Bundled in fire-engine–red parkas, a handful of researchers pick their way across a parched, high-altitude Antarctic valley swept by howling winds. Beneath their puffy white boots, the oldest ice on Earth lies buried under boulders and sand.
Led by David Marchant, a geologist who directs Boston University’s (BU) Antarctic Research Group, they take photographs, collect samples of volcanic ash, and search for sites where ice unchanged for millions of years lies near the surface. Some carry spades to expose the ice, and then use specialized drills to retrieve ice cores for analysis back in Marchant’s lab.
The scientific prize they’re after is bubbles of atmospheric gases that were trapped within the ice cores during the Pliocene epoch several million years ago, when the Earth was warmer and sea levels were 30 to 300 feet higher than they are now. Marchant explains that measuring carbon dioxide levels in the bubbles could help predict global responses to today’s rising CO2 levels and temperatures.
This frigid scene is displayed on wall-sized monitors in the comfort of Marchant’s BU lab. This and other expedition videos are also posted online. Marchant, who became an HHMI professor in 2014, places a high priority on public outreach as part of a curriculum he created for undergraduates to “seed a cultural change in STEM education” by emphasizing early and consistent research, communication, and education.
|Experience the windswept Arctic landscape that forms the cornerstone of David Marchant’s research program.|
Marchant has a genial manner and the look of an outdoorsman – bearded and tanned from 20 polar expeditions since being “captivated” by his first trip some 25 years ago. “It’s cold and it’s hard and it’s physically demanding,” he says. “And trying to ‘read’ the dynamic landscape is a mental challenge.” But he’s driven by the thrill of discovery. “We know we can find things in a single excavation pit that have global significance,” he says.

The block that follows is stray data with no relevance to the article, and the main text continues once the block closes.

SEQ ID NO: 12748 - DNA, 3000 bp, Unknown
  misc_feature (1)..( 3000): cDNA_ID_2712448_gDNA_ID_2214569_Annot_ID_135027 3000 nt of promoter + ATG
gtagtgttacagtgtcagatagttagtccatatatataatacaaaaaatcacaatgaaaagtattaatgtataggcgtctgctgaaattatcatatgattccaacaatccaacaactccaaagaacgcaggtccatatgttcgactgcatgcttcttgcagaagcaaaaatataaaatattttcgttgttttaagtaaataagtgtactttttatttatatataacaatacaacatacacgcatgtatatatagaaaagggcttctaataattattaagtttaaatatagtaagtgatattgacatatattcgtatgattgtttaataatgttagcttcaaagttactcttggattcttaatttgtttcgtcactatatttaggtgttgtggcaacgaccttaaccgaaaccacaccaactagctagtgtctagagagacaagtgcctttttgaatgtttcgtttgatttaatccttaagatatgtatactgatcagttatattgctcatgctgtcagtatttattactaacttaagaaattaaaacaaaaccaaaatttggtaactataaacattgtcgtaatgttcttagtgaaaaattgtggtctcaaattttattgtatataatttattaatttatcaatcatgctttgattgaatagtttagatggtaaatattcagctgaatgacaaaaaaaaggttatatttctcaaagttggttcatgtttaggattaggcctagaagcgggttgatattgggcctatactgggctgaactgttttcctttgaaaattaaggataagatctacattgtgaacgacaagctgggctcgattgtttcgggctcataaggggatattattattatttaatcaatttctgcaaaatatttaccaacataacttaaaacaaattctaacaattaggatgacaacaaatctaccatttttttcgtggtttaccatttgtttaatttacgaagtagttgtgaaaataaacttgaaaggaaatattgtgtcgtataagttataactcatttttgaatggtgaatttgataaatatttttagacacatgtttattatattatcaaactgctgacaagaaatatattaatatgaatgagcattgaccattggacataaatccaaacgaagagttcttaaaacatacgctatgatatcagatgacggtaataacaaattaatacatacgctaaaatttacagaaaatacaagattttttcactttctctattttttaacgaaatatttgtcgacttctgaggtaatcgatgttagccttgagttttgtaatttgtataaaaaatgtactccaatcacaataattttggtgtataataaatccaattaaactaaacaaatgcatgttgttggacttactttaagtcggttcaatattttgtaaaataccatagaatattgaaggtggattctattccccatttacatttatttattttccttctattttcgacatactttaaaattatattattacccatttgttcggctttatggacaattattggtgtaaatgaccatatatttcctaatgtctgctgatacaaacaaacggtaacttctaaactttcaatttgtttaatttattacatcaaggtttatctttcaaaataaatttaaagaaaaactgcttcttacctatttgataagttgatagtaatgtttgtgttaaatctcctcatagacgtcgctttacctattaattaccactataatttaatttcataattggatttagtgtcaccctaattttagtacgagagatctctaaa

Marchant’s group is preparing for another field excursion, from November 2015 through January 2016, the Antarctic summer. Three undergraduates will join the expedition for up to three months’ work on the West Antarctic Ice Sheet, which has been melting so rapidly that recent scientific reports warn it may be doomed to complete disintegration, raising sea levels by several feet. The team will map geological features that mark the ice sheet’s changing margins over the past 18,000 years. Their aim is to develop a long-term glacial and atmospheric record “that can tell us what to expect in the future,” says Marchant.
Students remaining at the BU lab will use high-resolution photos and videos to create “virtual field trips” and analyze landscape patterns, and will perform geochemical analyses of the volcanic and ice samples. They’ll also work with middle-school teachers to translate lab results into lesson plans and produce communication materials for the public.
For those who travel with Marchant to Antarctica, he says, the experience will have a lasting impact. “When the first storm hits, the new people will wonder if they’re going to make it through the night,” Marchant says with a grin. But the fast pace and steep learning curve transforms students into confident researchers in a few short weeks, he says. “You can see it when they’re back on campus, too. There’s nothing you can give them after this experience that they’ll fail at. They’ll just keep trying until they get it.”